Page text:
Internal model control-based adaptive attitude tracking

Ahmed Al-Garni*, Ayman Kassem, Muhammad Shafiq, Rihan Ahmed

*Corresponding author for this work

Research output: Chapter in Book/Report/Conference proceedingConference contribution

1 Citation (Scopus)


The attitude of a spacecraft is its orientation in space. The orientation is with respect to a particular reference like the Earth and Sun [1]. The spacecraft is considered to be a rigid body whose attitude can be described by two sets of equations, namely, the kinematics equation, which relates the time derivatives of the orientation angles to the an- gular velocity vector and the dynamics equation, which describes the time evolution of the angular velocity vector [2, 3]. Various parameterizations of the attitude exist to represent the orientation angles. A comprehensive survey of attitude representations is given in [4]. The attitude control problem was first presented in the literature in [5]. A general procedure for the design and analysis of a three-axis, large-angle attitude control system was developed based on properties common to all attitude control systems. In [6], a general framework is prepared for the analysis of attitude tracking control of a rigid body using the non- singular unit quaternion representation. An adaptive tracking control scheme wherein the unknown spacecraft inertia matrix is compensated using linear parameterization is discussed in [7]. Reference [8] proposes an adaptive attitude tracking controller that identifies the inertia matrix via periodic command signals. Reference [9] discusses the adaptive attitude tracking control using synthesized velocity from attitude measurements by incorporating a velocity filter formulation.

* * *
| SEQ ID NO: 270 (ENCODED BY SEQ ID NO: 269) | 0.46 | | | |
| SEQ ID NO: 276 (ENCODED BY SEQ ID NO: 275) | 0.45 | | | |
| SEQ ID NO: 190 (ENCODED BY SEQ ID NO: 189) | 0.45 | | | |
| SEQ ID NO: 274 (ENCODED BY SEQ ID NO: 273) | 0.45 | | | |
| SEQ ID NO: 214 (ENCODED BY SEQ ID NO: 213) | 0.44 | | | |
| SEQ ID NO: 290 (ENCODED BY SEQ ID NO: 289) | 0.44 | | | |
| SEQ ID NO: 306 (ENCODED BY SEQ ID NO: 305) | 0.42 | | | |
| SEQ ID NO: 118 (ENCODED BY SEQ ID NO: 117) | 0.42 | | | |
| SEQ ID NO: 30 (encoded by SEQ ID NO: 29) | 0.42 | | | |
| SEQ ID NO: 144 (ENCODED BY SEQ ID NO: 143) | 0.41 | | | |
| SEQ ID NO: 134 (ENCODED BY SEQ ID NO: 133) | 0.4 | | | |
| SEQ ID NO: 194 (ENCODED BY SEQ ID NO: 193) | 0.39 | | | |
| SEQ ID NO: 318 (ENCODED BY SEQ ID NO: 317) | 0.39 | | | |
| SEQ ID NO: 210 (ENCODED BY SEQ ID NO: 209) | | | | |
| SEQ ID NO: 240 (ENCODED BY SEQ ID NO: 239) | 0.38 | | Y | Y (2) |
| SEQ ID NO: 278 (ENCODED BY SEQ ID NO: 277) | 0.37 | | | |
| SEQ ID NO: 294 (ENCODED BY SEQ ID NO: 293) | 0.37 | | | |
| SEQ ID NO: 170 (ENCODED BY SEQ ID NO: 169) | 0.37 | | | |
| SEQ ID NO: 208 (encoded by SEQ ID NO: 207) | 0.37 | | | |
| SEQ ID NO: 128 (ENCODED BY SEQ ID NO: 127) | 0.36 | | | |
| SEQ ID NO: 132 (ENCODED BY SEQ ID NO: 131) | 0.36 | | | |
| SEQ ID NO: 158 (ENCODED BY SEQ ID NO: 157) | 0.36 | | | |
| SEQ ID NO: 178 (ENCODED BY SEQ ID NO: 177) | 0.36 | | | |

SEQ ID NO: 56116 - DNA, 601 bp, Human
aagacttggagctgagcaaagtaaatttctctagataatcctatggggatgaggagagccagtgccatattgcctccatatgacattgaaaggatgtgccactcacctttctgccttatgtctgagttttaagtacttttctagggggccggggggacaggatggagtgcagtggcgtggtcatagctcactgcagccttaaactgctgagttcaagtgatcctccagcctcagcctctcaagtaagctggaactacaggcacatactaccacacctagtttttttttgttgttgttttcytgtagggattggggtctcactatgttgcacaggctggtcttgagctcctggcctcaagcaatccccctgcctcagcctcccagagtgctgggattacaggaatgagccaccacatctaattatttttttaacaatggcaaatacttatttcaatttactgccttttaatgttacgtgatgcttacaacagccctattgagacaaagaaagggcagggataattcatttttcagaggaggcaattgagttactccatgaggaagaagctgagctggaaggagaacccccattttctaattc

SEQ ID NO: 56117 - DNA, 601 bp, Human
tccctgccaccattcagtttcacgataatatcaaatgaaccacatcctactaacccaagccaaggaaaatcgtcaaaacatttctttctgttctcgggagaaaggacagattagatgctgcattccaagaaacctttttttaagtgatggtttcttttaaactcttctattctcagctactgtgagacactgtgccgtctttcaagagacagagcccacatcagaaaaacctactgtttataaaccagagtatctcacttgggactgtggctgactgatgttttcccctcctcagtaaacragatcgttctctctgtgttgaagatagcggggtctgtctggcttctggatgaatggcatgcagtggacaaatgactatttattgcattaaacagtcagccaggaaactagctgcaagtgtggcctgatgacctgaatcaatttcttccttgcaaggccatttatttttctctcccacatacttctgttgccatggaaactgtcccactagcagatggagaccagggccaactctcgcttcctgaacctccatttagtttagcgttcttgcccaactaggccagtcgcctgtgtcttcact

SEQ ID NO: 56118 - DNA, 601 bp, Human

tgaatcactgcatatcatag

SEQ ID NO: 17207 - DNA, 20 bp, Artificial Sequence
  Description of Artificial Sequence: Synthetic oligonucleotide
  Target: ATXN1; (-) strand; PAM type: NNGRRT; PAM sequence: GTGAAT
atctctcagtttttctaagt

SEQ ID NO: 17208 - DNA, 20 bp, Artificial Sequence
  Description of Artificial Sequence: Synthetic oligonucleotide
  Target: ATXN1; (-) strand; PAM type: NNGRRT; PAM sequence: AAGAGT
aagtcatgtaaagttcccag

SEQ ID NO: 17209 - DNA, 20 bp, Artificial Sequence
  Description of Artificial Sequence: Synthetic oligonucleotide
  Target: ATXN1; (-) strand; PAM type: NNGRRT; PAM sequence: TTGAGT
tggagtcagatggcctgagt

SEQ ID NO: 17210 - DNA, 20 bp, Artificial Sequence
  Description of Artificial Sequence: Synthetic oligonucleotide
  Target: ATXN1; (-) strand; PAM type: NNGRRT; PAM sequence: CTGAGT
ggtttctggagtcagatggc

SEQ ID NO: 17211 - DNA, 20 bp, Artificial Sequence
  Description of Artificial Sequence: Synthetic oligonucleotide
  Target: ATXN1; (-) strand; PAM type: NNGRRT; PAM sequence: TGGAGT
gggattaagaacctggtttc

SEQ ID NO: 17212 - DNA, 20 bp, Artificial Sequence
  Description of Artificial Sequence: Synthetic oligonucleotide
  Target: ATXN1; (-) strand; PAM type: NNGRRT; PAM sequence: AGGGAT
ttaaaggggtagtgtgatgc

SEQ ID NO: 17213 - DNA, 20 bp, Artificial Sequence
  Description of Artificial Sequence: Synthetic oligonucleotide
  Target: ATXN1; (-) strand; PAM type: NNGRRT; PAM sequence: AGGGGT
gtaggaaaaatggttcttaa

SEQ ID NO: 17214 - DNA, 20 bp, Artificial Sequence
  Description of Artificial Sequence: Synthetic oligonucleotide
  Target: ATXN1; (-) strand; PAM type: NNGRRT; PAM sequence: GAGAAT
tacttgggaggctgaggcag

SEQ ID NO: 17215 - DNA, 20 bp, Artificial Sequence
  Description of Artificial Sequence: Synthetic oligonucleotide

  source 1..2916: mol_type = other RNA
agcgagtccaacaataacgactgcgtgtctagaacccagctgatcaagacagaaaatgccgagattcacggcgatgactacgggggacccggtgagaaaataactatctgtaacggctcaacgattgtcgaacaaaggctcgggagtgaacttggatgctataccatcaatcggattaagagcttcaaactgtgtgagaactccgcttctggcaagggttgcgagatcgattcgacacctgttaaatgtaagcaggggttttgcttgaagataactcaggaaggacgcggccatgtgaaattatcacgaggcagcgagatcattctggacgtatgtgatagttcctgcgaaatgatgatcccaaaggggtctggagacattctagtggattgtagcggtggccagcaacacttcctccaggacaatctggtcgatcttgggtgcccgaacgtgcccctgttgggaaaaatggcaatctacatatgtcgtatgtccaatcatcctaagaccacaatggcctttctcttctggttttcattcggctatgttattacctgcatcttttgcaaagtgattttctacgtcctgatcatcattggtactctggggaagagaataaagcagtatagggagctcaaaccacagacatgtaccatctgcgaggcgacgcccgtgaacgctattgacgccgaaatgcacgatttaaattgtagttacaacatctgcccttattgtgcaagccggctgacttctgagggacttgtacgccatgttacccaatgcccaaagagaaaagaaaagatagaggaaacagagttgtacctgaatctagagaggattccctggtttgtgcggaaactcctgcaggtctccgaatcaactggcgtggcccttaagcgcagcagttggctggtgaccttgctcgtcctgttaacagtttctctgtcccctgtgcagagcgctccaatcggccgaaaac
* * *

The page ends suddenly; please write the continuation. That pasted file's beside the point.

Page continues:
Original languageEnglish
Title of host publicationRobot Motion and Control 2007
EditorsKrzysztof Kozlowski
Number of pages10
Publication statusPublished - 2007

Publication series

NameLecture Notes in Control and Information Sciences
ISSN (Print)0170-8643

ASJC Scopus subject areas

  • Library and Information Sciences


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